NLRB Abandons 50-Year-Old Precedent, Holds Dues Deductions Continue After Contract Expiration

In 1962, in a case known as Bethlehem Steel, 136 NLRB 1500 (1962), the National Labor Relations Board (NLRB) held that an employer’s obligation to make union dues deductions ended with the expiration of a collective bargaining agreement. Bethlehem Steel created an exception to the usual rule that an employer must maintain the status quo on all mandatory subjects of bargaining during the period between contract expiration and when a new contract takes effect, and gave employers a powerful economic tool after contract expiration. Though state collective bargaining statutes vary on the issue, some state labor boards have followed the rationale of Bethlehem Steel.

On December 12, 2012, the NLRB changed its mind, and ruled that dues deductions must, in fact, be continued after the expiration of a contract. In WKYC-TV, Inc., the NLRB criticized its own prior decisions as not having a “coherent explanation.”

The NLRB reasoned that “because it is critically important that collective bargaining be meaningful, it has long been established that an employer violates the law when it unilaterally changes represented employees’ wage, hours, and other terms and conditions of employment without bargaining. Under this rule, an employer’s obligation to refrain from unilaterally changing these mandatory subjects of bargaining applies both where a union is newly certified and the parties have yet to reach an initial agreement, and where the parties’ existing agreement has expired and negotiations have yet to result in a subsequent agreement.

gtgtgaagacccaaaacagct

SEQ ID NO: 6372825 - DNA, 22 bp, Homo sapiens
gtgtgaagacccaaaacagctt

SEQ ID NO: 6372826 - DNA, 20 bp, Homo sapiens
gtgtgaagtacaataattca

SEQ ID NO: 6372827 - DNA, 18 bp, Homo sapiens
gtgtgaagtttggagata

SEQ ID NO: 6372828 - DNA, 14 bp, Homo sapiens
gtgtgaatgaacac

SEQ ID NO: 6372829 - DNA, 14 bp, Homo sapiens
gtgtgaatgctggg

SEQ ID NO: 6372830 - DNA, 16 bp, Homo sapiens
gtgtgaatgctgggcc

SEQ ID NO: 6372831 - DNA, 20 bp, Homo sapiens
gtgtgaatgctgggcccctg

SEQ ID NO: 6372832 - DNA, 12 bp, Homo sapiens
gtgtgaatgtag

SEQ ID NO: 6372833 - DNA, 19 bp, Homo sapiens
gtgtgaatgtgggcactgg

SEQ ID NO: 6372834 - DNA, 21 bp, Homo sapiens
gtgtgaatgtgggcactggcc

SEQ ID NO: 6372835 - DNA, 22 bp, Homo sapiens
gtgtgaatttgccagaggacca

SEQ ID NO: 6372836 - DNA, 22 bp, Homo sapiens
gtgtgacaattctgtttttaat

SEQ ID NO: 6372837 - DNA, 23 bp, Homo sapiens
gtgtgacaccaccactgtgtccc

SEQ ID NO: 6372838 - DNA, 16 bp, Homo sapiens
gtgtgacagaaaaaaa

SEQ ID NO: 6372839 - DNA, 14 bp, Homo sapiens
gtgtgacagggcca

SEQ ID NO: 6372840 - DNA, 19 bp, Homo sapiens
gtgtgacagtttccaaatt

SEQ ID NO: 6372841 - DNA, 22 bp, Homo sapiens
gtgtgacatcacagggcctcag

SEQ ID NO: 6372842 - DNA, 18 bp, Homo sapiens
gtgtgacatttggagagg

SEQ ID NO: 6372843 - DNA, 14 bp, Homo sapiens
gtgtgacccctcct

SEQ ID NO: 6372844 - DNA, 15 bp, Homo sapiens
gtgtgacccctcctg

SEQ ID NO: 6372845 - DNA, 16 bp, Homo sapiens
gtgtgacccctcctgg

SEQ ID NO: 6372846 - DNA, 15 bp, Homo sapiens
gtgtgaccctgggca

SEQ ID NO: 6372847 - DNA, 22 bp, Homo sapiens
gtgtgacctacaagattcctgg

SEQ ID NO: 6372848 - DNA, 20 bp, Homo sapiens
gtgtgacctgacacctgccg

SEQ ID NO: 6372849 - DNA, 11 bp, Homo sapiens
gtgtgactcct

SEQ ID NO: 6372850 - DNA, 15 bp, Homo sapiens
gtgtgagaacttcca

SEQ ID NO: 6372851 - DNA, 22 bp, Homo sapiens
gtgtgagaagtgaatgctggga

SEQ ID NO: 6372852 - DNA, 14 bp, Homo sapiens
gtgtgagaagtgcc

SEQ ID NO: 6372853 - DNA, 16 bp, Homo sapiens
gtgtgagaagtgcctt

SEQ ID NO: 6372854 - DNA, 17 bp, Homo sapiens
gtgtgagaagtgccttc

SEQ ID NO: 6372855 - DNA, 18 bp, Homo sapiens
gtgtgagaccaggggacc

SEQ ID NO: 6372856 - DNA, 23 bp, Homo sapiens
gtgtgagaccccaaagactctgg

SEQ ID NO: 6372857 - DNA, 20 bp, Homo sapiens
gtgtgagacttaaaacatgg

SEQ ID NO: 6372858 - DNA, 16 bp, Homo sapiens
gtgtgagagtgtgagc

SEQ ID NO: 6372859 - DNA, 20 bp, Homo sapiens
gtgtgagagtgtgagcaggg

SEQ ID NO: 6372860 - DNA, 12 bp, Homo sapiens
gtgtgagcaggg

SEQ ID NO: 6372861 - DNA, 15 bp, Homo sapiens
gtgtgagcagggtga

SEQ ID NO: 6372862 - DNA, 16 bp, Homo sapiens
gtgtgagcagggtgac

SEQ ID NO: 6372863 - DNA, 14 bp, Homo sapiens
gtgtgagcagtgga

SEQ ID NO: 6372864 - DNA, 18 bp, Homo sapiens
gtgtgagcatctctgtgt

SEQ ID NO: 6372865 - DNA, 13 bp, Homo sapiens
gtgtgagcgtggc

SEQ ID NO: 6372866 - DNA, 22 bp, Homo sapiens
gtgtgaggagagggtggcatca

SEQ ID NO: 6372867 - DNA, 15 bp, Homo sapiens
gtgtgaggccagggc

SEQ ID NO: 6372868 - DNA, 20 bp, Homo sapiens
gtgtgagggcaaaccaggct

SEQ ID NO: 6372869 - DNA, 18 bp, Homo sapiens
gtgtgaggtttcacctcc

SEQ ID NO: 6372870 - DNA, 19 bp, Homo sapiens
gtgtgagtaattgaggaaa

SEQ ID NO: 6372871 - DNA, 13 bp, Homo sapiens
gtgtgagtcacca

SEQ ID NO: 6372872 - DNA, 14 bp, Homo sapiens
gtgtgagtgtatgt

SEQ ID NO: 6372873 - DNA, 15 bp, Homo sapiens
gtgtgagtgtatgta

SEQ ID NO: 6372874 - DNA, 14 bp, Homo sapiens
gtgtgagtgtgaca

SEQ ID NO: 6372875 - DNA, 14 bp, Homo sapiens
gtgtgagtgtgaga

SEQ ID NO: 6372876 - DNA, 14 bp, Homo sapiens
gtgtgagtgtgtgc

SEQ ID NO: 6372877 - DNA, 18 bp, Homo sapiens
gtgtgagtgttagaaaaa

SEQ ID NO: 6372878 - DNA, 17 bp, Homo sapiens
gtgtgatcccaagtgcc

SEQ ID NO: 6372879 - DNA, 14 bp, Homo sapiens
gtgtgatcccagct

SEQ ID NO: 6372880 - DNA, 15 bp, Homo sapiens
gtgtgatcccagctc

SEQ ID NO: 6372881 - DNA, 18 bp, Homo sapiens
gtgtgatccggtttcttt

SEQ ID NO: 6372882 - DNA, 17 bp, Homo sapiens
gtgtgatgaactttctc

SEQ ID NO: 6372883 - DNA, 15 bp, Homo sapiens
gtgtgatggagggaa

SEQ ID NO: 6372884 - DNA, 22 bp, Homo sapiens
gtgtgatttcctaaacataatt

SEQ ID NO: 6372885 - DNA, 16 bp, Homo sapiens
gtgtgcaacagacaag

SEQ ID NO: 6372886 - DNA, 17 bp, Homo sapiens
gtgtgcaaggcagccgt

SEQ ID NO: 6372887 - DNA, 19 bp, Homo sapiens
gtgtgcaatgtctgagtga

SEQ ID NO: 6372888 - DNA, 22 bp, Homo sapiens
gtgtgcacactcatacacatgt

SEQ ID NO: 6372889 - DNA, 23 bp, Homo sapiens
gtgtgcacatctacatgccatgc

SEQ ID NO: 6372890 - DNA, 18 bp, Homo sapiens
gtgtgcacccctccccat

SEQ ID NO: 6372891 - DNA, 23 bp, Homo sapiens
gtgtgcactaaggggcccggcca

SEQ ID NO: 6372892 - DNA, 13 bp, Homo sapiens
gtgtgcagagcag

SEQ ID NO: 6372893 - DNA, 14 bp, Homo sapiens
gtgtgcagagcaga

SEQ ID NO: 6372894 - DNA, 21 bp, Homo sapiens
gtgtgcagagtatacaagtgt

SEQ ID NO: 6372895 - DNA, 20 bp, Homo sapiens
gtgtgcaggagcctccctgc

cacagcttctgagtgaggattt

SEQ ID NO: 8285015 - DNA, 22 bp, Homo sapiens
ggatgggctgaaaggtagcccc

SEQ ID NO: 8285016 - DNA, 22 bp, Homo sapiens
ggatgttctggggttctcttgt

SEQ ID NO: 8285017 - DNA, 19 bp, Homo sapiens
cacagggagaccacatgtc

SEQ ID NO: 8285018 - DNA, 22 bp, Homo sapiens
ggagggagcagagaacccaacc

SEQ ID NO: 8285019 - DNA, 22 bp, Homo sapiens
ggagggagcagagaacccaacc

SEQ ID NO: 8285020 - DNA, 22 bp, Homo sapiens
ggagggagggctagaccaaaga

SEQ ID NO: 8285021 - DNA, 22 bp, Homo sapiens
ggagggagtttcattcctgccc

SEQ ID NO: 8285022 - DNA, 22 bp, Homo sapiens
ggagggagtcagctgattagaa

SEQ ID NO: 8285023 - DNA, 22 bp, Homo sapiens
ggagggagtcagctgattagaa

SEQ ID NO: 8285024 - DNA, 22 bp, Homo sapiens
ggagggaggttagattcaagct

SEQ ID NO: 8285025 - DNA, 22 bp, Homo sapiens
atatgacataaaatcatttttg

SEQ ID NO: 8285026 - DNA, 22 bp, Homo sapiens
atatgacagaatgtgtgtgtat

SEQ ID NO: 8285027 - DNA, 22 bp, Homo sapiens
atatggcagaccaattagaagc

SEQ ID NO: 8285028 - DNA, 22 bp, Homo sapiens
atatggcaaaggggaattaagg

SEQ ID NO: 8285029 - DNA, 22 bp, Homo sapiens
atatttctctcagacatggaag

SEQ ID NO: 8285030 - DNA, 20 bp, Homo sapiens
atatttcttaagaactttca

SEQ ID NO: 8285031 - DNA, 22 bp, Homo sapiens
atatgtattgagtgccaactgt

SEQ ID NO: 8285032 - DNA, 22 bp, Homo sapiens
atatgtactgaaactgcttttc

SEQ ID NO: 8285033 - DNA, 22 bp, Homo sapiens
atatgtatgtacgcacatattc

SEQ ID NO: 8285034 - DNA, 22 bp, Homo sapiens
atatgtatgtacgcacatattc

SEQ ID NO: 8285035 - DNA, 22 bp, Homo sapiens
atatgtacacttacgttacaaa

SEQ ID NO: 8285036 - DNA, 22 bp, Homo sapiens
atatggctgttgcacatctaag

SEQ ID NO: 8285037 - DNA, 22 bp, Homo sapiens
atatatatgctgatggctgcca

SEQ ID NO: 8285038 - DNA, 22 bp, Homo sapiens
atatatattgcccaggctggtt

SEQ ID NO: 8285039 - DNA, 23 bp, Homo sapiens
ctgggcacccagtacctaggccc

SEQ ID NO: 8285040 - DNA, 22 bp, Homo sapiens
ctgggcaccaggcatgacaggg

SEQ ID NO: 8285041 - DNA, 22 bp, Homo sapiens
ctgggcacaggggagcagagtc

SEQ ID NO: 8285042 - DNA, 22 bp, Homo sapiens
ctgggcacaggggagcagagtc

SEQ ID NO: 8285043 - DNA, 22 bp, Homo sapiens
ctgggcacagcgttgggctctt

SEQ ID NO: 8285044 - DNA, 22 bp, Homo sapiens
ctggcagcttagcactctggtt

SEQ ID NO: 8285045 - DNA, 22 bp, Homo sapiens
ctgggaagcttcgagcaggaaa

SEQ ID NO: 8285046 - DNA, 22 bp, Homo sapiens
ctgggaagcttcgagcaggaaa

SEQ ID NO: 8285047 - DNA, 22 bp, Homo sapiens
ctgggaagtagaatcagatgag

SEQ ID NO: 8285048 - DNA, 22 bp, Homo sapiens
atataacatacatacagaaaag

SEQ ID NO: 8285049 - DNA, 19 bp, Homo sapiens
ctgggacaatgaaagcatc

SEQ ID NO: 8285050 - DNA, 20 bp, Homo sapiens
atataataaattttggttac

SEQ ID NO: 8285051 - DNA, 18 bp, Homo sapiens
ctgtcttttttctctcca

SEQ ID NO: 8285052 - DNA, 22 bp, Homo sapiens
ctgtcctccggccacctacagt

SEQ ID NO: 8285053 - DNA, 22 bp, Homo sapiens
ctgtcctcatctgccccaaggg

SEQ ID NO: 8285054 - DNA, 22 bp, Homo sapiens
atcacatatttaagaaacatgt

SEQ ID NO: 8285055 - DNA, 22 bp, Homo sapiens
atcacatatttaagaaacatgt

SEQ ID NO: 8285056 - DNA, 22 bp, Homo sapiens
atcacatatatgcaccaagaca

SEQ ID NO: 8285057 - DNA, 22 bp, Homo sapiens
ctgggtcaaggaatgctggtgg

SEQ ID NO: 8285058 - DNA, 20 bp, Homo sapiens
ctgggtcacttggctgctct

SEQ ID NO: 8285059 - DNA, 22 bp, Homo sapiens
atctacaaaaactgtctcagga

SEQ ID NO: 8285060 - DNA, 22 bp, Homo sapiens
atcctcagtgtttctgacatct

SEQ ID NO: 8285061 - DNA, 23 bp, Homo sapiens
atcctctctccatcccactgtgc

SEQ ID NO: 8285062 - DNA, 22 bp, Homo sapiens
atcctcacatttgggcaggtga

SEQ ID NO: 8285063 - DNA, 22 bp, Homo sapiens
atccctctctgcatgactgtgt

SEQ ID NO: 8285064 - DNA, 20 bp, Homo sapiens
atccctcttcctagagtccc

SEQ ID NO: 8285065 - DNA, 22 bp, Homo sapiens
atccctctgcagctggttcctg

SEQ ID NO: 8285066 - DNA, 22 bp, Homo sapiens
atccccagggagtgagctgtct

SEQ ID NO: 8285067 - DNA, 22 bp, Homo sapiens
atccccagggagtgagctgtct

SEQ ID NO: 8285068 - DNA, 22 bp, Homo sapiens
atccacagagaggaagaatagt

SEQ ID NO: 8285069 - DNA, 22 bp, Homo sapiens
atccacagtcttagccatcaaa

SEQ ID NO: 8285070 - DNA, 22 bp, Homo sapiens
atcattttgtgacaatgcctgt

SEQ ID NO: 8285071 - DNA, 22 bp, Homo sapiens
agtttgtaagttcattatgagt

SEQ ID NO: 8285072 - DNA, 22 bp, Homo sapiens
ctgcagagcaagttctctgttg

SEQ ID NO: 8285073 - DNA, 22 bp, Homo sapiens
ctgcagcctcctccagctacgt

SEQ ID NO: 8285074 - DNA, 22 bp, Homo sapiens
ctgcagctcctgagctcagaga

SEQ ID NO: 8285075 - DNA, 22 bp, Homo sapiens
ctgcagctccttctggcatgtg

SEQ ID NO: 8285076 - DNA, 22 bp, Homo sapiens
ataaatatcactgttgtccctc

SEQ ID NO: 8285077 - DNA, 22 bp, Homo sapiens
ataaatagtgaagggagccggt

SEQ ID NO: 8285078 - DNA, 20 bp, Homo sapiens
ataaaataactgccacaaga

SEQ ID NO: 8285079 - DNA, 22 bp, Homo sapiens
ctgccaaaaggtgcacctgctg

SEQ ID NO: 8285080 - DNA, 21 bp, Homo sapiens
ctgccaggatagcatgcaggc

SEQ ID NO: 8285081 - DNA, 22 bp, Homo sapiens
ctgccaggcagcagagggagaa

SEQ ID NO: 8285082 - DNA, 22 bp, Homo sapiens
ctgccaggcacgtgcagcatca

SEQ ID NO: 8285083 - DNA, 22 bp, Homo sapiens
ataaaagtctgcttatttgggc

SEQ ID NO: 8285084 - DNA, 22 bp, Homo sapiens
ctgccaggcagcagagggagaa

“An employer’s decision to unilaterally cease honoring a dues checkoff arrangement in an expired collective bargaining agreement plainly contravenes these salutary principles. Unlike no strike, arbitration, and management rights clauses, a dues checkoff arrangement does not involve the contractual surrender of any statutory or nonstatutory right. Rather, it is simply a matter of administrative convenience to a union and employees whereby an employer agrees that it will establish a system where employees may, if they choose, pay their union dues through automatic payroll deduction. Payments via a dues checkoff arrangement are thus no different from other voluntary checkoff agreements, such as employee savings accounts and charitable contributions, which we have recognized also create administrative convenience and – notably – survive the contracts that establish them.”

In the end, the NLRB held that “like most other terms and conditions of employment, an employer’s obligation to check off union dues continues after expiration of a collective bargaining agreement that establishes such an arrangement.”

WKYC-TV, Inc., Case No. 08-CA-039190 (2012).

Note: As with the adoption of Bethlehem Steel in the first place, whether state labor boards adopt WKYC-TV will come down to whether the labor boards are persuaded by the NLRB’s logic.